Andy Balbirnie was the star of the Ireland show as they trumped Afghanistan by four wickets in the third ODI in Dehradun, his 145 not out helping the Irish go over the line with an over to spare to level the series. But Balbirnie needed support, and it came from somewhat unexpected quarters: George Dockrell, who has made his name as a left-arm spinner, added 143 runs for the fifth wicket with Balbirnie.

"I obviously came into the team as a bowler, but these days it is important to keep improving all aspects of your game. I was a batter at under-age level, and I've been encouraged to keep working on my batting over the years, but the way I see it now is that all three aspects - my batting, my bowling, my fielding - they all have to be as good as they can possibly be at all times," Dockrell told Cricket Ireland after hitting only his second half-century in 80 ODIs.

"The game definitely has developed in the last number of years - you look at teams around the world and you see there are guys coming in lower down the order winning matches. That's what you have to have - a batting line-up that bats deep. There's not too many bowlers around the world these days who can't play a little cameo with the bat, so it is more and more important these days that bowlers coming into the team are looking to add value with the bat as well as the ball."

"The pitches have also seemed to offer a little more spin in the last couple of games, so it's been about trying to deceive batsmen more with lateral movement than with depth" GEORGE DOCKRELL

At their new 'home' in the northern part of India, the Afghans would have backed their chances of going 2-0 up after three games - the second one was abandoned by rain - when Najibullah Zadran's 104 not out and Asghar Afghan's 75 helped them put up 256 for 8. Batting was expected to get tougher after that, but as Balbirnie and Dockrell showed, it was mainly a matter of application and approach.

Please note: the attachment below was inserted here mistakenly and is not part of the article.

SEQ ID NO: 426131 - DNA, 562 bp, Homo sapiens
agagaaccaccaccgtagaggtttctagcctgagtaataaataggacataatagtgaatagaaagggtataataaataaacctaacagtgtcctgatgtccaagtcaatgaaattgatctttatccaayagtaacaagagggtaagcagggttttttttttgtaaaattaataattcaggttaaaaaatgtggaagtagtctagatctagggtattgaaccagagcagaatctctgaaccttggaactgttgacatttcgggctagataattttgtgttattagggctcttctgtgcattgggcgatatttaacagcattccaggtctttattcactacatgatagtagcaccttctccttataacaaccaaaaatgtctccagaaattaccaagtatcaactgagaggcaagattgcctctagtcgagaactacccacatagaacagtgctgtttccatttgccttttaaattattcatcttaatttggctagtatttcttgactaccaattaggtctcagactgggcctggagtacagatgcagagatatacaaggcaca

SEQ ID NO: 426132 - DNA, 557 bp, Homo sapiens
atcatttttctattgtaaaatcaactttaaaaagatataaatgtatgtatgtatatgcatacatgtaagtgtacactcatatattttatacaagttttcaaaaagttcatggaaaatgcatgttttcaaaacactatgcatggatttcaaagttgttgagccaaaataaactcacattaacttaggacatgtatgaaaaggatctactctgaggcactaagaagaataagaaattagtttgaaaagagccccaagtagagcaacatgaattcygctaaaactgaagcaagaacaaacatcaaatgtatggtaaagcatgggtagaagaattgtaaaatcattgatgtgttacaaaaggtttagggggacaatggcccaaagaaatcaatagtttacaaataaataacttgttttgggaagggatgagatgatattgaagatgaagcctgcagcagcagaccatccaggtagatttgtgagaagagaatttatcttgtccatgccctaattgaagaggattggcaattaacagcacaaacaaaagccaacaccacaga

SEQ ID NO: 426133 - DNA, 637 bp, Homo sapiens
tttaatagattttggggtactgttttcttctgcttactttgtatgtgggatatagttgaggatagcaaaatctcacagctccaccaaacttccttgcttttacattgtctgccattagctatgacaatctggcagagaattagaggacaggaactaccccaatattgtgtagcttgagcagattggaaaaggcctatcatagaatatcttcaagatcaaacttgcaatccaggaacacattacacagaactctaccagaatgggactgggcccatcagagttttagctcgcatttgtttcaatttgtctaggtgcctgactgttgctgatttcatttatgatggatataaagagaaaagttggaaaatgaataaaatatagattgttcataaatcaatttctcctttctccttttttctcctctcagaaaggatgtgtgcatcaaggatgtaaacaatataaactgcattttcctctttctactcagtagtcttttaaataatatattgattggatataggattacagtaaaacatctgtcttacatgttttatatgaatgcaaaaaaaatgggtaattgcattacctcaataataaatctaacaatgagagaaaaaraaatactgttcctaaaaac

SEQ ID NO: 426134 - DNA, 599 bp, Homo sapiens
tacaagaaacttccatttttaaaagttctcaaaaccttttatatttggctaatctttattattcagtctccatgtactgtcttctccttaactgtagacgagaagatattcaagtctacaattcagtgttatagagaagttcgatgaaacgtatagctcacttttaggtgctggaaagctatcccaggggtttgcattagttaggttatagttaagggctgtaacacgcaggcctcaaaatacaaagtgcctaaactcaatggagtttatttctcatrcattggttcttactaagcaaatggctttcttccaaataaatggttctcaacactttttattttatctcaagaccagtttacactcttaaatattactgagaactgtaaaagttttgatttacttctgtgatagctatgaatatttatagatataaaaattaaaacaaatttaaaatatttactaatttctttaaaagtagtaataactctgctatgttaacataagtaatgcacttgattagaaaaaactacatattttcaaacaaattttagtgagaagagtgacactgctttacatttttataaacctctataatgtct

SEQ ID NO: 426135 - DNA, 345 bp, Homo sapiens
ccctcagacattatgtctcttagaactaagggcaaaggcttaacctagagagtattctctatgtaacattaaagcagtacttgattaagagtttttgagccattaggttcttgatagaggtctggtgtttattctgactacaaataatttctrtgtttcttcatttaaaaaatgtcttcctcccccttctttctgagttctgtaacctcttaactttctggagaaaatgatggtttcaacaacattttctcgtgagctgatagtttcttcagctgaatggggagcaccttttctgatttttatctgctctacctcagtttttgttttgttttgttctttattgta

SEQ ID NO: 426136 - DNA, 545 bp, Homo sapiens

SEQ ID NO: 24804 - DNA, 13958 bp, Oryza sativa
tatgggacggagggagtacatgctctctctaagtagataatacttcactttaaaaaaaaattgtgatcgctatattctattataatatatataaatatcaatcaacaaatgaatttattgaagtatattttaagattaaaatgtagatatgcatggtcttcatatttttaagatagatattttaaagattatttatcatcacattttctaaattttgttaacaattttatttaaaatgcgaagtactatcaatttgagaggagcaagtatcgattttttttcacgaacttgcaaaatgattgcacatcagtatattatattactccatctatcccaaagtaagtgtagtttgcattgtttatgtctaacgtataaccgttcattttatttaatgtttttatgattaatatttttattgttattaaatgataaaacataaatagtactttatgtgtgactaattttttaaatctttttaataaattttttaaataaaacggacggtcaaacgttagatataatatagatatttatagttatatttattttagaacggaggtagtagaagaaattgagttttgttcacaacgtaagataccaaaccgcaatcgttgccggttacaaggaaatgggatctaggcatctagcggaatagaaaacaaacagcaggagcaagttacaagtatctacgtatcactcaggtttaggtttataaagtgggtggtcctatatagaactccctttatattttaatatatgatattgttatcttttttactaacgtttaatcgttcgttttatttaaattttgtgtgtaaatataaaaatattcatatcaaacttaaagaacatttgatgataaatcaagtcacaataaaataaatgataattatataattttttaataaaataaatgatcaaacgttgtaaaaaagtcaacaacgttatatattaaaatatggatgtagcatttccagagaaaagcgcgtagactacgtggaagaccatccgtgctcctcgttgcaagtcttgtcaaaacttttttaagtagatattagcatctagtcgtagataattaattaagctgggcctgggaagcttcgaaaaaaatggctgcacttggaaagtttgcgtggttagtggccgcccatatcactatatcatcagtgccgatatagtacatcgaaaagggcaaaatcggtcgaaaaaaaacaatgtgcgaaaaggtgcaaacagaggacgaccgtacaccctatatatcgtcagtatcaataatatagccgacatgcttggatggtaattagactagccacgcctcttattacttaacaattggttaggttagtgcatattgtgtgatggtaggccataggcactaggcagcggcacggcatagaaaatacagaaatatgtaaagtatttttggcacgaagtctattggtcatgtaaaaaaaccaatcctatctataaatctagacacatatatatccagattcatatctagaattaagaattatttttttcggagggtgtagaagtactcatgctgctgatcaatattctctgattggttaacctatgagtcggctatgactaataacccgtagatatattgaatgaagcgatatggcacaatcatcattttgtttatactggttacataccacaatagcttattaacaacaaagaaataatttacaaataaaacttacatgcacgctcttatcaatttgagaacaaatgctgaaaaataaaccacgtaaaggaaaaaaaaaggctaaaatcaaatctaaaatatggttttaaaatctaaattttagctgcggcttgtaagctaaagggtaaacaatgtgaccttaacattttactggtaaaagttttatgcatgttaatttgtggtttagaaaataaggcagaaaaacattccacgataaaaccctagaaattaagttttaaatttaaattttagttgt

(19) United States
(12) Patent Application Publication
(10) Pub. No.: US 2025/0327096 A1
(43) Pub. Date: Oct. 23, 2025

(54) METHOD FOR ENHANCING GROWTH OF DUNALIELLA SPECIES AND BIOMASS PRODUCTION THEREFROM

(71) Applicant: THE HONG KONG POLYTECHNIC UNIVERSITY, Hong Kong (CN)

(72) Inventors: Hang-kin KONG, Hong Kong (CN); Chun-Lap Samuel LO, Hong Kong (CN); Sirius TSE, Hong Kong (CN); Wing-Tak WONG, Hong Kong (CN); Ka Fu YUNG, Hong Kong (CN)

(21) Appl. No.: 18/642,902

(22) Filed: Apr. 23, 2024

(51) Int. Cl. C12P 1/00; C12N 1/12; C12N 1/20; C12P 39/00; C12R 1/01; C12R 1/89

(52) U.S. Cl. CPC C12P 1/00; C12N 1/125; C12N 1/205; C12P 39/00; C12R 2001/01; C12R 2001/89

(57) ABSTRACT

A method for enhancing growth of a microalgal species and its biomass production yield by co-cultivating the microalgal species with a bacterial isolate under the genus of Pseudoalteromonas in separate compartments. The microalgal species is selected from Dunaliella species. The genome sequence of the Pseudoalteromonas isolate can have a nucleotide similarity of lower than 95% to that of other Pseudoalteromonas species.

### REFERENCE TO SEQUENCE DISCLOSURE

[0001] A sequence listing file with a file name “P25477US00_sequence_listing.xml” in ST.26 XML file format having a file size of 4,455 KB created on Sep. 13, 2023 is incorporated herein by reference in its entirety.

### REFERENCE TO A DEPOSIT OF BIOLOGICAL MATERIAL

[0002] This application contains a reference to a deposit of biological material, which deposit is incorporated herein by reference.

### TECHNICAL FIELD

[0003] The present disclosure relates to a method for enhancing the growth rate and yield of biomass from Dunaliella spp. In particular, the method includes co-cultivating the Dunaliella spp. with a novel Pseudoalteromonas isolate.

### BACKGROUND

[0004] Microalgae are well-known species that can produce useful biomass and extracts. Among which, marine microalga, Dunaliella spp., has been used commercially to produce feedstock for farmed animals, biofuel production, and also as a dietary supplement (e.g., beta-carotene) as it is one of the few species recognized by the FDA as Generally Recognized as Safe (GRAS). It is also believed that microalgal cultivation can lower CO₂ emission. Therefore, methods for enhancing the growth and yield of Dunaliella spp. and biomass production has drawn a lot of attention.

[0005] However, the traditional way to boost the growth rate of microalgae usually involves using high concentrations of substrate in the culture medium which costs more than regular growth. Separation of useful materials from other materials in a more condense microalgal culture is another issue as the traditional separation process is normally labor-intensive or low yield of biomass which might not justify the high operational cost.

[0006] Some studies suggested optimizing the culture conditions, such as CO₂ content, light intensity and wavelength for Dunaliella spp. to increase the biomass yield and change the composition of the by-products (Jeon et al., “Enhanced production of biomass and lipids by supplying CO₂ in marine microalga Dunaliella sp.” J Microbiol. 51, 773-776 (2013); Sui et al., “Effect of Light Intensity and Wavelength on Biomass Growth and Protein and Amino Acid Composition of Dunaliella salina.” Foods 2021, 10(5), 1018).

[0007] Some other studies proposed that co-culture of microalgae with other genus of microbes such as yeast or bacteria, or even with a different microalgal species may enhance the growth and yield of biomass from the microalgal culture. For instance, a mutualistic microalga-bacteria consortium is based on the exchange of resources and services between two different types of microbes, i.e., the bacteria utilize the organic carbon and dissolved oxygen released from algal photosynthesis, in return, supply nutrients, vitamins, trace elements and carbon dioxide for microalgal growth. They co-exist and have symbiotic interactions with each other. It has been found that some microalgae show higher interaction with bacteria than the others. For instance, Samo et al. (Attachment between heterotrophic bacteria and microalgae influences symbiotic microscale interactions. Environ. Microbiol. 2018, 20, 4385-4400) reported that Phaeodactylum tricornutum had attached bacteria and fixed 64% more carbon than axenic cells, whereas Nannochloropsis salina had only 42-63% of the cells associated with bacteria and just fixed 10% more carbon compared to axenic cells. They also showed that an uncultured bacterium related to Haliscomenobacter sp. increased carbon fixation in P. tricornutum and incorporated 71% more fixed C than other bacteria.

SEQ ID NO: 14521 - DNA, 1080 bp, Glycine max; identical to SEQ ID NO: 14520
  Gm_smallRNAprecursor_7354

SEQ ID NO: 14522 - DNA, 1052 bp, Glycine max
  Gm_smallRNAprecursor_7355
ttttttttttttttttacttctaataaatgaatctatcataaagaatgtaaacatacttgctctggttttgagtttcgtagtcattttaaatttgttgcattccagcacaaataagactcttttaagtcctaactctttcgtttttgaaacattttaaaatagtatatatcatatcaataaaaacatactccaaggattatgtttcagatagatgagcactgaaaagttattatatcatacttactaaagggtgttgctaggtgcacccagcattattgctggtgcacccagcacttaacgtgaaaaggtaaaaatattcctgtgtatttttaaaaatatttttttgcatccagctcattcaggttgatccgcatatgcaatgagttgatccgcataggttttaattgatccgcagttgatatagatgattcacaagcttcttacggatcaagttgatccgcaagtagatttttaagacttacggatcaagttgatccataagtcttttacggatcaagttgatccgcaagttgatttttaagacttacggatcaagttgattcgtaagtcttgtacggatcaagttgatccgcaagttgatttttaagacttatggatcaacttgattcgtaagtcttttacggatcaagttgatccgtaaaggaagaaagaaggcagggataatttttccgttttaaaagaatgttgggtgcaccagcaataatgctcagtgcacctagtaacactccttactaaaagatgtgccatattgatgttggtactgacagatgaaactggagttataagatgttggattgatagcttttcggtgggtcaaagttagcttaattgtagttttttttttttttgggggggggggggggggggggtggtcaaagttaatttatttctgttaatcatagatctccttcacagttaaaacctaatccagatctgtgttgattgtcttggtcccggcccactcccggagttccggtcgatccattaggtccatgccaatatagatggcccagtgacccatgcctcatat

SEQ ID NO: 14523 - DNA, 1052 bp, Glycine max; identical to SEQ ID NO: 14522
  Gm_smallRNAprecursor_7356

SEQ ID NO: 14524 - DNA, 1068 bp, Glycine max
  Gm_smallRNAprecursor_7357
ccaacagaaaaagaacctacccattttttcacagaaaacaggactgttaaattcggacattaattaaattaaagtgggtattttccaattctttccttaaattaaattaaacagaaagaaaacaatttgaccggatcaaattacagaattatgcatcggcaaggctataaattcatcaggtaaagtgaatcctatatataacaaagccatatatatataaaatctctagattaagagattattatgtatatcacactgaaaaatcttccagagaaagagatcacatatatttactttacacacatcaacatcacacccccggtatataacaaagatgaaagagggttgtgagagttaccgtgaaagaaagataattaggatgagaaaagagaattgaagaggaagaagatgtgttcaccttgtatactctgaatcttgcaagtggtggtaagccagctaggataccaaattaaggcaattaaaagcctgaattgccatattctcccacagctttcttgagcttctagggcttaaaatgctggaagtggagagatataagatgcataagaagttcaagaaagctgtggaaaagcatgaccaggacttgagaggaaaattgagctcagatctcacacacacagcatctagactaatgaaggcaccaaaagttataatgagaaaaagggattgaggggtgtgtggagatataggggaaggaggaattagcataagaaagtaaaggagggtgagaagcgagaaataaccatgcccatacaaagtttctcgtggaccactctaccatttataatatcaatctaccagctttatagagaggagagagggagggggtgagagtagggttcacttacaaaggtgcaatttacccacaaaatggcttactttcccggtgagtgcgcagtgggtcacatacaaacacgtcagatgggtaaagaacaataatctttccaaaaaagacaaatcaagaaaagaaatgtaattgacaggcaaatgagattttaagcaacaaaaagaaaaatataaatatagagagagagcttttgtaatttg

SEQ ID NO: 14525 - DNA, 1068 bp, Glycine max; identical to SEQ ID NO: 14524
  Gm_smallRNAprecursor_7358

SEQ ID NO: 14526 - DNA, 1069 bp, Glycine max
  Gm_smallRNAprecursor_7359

"There's a different challenge here in India where we have a slightly bigger pitch, and the pitch has spun a little bit," Dockrell said. "The wickets here in Dehradun are changing as the series is going on. Because the series is being played at the one stadium, we are reusing wickets, which has meant that they have tended to become a bit slower and a little bit lower.

"The pitches have also seemed to offer a little more spin in the last couple of games, so it's been about trying to deceive batsmen more with lateral movement than with depth."

And though Afghanistan swept the preceding series 3-0 and were tipped to outperform Ireland in the ODIs quite comprehensively, expect the Irish to put up a strong show in the format they are best at.

"In the T20s the Afghans showed some pretty incredible power-hitting that we weren't able to keep up with, it was a huge challenge trying to minimise their batsmen and their ability to strike the ball. We went in to those games with our plans - and back-up plans - to counteract their attack, but the biggest learning we had was the need to be able to adapt quickly," Dockrell said.

"The ODIs are definitely a format that suit us - there's always good games when we play the Afghans in ODIs, and there has indeed been some good games so far in this series."

The fourth ODI will be played on Friday, and the fifth is scheduled for Sunday, with a Test to follow later this month.